Considerations when making this decision are Time and Money. Consider how much time you are going to spend on each application and how you will balance that with the other responsibilities you have ongoing at that time. Time spent on each application varies significantly per person so that makes this consideration a little more difficult, but I will say it is not a quick process and will take you longer than you think. 

Remember that there is a fee associated with most, if not all, applications you will submit so if you apply to several you can rack up that bill pretty quick. When I applied, application fees varied from $25 to $150 each – quite a big range so make sure you check them out!

Decision 3: Where to Apply – Is a Move a Possibility?


This may also be a no brainer for you depending on your scenario, but if not, give some thought as to whether you are able to travel for your internship. Again, this could be a way to bump up your chances of getting something, because if you limit yourself to one province/area than your options are much fewer. However, a move can totally flip your life upside down, so make sure you don’t take that lightly. For me, I applied to programs in 3 provinces and ended up making a move to pursue one I was offered. I don’t regret the decision at all, but admittedly I put very little thought into the actual move before applying. What I mean is I was so mesmerized by the program itself that I never even considered where I’d have to go to do it, I just needed to do it! Is that a bad thing? Hard to say, hear more of my thoughts on the experience here.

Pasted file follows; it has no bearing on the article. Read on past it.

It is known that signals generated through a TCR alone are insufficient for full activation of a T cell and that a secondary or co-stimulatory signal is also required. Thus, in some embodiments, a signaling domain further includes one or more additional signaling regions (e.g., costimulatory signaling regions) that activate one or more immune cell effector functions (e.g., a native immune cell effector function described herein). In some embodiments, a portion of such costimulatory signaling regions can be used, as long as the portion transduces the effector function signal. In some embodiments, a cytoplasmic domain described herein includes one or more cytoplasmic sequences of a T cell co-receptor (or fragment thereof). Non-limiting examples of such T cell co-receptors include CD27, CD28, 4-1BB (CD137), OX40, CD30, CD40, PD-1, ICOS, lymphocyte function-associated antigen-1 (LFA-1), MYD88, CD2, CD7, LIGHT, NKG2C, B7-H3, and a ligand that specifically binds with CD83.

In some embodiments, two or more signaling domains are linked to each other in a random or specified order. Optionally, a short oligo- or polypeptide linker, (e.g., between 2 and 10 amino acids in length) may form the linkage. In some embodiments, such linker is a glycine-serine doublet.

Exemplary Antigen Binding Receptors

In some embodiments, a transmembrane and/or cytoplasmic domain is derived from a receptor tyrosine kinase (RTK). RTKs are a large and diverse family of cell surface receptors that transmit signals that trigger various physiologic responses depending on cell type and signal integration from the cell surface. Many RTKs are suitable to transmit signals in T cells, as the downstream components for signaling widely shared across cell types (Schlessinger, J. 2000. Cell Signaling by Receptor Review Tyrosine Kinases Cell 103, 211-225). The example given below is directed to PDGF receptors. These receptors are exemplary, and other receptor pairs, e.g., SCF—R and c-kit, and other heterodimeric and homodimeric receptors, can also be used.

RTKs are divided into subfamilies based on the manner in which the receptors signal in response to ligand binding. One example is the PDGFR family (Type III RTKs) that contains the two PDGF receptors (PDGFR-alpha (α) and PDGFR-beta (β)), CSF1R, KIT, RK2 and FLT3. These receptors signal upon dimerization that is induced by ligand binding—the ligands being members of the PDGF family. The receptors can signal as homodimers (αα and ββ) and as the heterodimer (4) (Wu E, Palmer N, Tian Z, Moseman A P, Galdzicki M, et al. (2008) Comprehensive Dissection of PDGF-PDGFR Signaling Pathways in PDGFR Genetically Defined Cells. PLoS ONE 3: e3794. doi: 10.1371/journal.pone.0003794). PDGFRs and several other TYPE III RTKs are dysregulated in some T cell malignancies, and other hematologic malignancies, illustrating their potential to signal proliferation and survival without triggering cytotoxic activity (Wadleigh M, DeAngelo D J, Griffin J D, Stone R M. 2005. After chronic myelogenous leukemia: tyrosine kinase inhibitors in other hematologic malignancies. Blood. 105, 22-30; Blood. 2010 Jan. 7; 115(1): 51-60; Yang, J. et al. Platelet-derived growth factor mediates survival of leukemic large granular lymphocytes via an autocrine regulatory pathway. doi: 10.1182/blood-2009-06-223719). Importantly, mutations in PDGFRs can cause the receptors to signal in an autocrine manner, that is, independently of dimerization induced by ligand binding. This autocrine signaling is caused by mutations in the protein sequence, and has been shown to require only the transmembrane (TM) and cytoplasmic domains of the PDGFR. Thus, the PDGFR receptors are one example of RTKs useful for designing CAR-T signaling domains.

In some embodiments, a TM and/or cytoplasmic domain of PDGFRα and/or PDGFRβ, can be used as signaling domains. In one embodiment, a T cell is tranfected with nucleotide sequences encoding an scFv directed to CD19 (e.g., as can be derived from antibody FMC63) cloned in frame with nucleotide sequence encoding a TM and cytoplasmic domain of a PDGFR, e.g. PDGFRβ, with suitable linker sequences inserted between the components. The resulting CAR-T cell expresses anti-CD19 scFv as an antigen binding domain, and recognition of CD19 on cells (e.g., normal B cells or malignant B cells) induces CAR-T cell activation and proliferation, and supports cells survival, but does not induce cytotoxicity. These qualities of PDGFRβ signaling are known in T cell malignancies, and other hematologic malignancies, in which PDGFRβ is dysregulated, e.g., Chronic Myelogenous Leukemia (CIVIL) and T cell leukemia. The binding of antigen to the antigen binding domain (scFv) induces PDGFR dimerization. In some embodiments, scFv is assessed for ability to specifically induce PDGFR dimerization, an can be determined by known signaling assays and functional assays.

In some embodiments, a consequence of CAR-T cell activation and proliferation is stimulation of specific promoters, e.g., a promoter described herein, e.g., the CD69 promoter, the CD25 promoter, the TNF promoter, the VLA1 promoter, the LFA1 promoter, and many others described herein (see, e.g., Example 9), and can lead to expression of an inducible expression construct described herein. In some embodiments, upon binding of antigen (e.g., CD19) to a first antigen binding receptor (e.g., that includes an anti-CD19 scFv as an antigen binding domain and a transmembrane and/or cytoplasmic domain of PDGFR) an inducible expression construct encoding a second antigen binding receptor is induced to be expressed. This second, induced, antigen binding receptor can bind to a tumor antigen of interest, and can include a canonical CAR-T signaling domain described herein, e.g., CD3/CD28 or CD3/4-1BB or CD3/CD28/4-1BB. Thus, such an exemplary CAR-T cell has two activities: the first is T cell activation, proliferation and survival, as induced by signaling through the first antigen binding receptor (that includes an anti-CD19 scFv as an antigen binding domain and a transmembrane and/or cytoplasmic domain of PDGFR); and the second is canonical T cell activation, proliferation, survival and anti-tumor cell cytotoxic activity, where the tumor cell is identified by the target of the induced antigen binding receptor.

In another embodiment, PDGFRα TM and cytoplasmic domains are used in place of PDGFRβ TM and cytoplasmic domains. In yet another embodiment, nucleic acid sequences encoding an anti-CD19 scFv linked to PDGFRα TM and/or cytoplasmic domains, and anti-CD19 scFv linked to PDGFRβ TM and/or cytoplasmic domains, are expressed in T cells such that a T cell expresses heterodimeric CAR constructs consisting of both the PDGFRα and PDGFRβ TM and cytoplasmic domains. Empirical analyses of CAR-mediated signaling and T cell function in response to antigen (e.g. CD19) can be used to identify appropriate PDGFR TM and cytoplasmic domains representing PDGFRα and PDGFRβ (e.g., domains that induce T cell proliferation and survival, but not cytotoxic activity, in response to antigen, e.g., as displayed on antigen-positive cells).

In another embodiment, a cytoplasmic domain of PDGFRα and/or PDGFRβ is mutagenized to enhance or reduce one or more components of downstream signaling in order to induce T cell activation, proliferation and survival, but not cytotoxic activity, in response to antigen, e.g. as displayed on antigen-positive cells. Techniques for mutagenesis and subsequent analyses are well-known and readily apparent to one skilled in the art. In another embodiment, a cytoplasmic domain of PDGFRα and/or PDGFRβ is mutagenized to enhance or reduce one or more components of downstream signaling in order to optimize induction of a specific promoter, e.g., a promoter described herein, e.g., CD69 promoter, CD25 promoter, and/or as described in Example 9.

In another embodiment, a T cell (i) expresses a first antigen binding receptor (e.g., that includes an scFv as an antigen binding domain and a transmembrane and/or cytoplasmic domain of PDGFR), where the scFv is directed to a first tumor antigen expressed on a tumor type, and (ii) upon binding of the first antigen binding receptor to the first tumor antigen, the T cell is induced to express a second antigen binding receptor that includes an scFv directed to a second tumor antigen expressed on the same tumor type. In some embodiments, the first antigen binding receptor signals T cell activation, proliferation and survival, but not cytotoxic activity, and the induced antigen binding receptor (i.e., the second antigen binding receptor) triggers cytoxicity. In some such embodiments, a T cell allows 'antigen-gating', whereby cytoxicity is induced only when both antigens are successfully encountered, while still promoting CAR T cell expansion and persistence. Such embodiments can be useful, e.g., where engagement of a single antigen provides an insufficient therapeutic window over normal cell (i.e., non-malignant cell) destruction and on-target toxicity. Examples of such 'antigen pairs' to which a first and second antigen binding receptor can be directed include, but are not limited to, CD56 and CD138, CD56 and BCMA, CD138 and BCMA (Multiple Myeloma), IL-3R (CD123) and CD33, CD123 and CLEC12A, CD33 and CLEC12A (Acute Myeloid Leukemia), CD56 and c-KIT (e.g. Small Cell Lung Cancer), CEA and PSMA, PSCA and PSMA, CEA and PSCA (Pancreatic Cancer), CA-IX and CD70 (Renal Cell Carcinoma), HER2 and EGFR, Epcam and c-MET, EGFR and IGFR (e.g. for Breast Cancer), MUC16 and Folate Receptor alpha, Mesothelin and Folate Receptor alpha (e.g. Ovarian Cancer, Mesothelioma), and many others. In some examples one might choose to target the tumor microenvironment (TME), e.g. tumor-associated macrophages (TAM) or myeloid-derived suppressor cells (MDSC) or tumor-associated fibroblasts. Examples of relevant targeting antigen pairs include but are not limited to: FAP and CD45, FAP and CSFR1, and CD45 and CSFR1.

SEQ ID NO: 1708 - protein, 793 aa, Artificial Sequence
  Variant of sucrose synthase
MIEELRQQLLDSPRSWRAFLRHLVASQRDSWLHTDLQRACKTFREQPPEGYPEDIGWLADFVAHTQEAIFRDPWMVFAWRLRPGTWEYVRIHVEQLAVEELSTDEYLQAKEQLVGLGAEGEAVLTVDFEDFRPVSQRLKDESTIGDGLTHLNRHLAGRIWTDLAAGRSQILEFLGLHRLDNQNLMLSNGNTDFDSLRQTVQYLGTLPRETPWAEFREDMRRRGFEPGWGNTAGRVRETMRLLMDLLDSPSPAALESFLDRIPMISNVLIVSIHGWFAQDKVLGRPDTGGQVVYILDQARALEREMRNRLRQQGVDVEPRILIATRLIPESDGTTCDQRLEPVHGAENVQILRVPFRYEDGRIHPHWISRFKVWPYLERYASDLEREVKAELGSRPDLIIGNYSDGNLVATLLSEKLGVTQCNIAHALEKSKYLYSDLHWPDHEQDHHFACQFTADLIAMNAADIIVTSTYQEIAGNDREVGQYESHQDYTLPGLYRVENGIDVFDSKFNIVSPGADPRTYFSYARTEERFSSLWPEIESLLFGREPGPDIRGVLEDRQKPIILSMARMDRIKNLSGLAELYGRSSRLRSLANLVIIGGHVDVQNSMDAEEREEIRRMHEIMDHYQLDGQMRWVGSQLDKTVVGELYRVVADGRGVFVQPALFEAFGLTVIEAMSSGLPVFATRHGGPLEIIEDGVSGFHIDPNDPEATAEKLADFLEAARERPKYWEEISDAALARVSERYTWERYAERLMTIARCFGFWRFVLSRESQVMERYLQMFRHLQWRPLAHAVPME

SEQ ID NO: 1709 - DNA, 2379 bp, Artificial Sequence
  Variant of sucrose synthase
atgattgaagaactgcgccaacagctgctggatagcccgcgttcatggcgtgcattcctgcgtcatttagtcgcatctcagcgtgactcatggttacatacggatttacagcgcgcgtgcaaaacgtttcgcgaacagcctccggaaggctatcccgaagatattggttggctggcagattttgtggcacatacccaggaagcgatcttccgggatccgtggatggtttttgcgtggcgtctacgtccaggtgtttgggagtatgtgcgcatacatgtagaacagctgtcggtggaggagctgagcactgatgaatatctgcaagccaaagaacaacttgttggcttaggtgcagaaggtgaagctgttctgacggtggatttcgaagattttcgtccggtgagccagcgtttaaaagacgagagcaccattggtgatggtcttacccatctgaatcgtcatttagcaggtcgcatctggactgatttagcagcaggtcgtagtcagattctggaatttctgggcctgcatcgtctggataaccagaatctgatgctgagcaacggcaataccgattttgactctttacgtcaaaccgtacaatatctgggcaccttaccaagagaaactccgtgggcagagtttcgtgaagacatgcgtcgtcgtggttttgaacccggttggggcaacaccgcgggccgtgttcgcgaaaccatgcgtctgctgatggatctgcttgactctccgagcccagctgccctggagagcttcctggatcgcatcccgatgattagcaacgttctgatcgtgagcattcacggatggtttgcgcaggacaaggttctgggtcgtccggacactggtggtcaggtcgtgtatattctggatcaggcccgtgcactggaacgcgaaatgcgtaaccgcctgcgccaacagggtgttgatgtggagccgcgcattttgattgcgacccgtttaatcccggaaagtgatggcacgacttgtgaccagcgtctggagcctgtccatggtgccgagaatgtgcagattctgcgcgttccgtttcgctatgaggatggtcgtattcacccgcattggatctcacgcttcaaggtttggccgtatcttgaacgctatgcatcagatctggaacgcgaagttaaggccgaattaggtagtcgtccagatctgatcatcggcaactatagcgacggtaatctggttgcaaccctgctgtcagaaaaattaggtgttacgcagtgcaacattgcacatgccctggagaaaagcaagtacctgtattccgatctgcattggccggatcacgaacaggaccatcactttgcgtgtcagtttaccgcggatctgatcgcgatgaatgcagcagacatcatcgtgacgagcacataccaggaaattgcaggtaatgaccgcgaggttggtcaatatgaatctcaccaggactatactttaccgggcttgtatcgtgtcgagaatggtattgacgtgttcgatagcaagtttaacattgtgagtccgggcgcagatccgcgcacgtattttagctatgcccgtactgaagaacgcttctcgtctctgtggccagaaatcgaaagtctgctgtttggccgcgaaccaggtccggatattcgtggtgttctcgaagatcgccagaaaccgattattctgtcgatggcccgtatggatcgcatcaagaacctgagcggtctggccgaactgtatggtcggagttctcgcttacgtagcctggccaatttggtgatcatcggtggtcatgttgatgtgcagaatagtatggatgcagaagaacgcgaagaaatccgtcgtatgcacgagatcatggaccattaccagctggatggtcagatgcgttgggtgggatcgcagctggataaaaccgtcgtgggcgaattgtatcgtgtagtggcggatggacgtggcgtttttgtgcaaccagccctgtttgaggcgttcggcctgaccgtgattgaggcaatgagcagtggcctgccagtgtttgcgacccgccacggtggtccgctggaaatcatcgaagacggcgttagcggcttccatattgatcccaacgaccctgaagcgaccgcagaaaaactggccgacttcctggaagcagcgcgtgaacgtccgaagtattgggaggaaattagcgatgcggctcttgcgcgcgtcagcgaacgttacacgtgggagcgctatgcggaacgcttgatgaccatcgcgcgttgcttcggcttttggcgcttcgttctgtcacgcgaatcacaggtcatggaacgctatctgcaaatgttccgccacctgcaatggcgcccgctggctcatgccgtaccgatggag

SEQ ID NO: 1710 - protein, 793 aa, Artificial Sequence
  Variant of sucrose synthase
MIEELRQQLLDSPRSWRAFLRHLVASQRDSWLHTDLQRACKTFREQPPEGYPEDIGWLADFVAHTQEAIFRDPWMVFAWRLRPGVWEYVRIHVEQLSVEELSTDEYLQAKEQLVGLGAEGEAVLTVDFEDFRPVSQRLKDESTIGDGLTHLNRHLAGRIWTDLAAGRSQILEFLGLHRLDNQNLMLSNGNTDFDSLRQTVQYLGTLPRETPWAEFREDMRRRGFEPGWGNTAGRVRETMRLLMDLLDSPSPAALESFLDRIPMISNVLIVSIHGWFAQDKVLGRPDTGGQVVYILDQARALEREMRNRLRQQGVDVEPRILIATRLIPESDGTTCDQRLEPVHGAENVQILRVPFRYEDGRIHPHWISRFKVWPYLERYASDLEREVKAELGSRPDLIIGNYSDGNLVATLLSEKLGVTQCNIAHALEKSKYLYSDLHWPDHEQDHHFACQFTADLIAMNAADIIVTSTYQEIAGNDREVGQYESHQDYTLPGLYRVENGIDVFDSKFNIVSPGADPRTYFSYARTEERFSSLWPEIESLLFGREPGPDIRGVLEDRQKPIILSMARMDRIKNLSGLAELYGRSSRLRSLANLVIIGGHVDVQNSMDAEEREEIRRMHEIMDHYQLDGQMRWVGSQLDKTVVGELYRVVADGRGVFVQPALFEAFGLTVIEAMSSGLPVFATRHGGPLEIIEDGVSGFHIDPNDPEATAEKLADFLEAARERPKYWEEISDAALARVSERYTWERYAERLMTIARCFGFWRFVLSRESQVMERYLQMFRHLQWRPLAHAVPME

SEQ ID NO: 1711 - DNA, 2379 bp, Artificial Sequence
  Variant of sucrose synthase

Dedicate Time to Learn About Each One

Here’s the big piece – actually learning about each program to consider which you will apply to. After you make the 3 decisions above, you should have your list narrowed a little bit, and now you’re in a great place to dive deeper into your options. Here’s where you can find info about each program:

Program Brochure + Website

This was my first stop. On the Dietitians of Canada webpage, they have a link to the program brochure of each program here: These are kind of a quick-and-dirty about each program. You’ll get a sense of the focus (i.e. clinical focused vs. foodservice focused) and details about the length of program and start dates.

Program Video

This is a new feature since I applied actually! On the Dietitians of Canada page, at the time of writing this, some programs have put together a little video to introduce some staff and chat more about their interns’ experiences.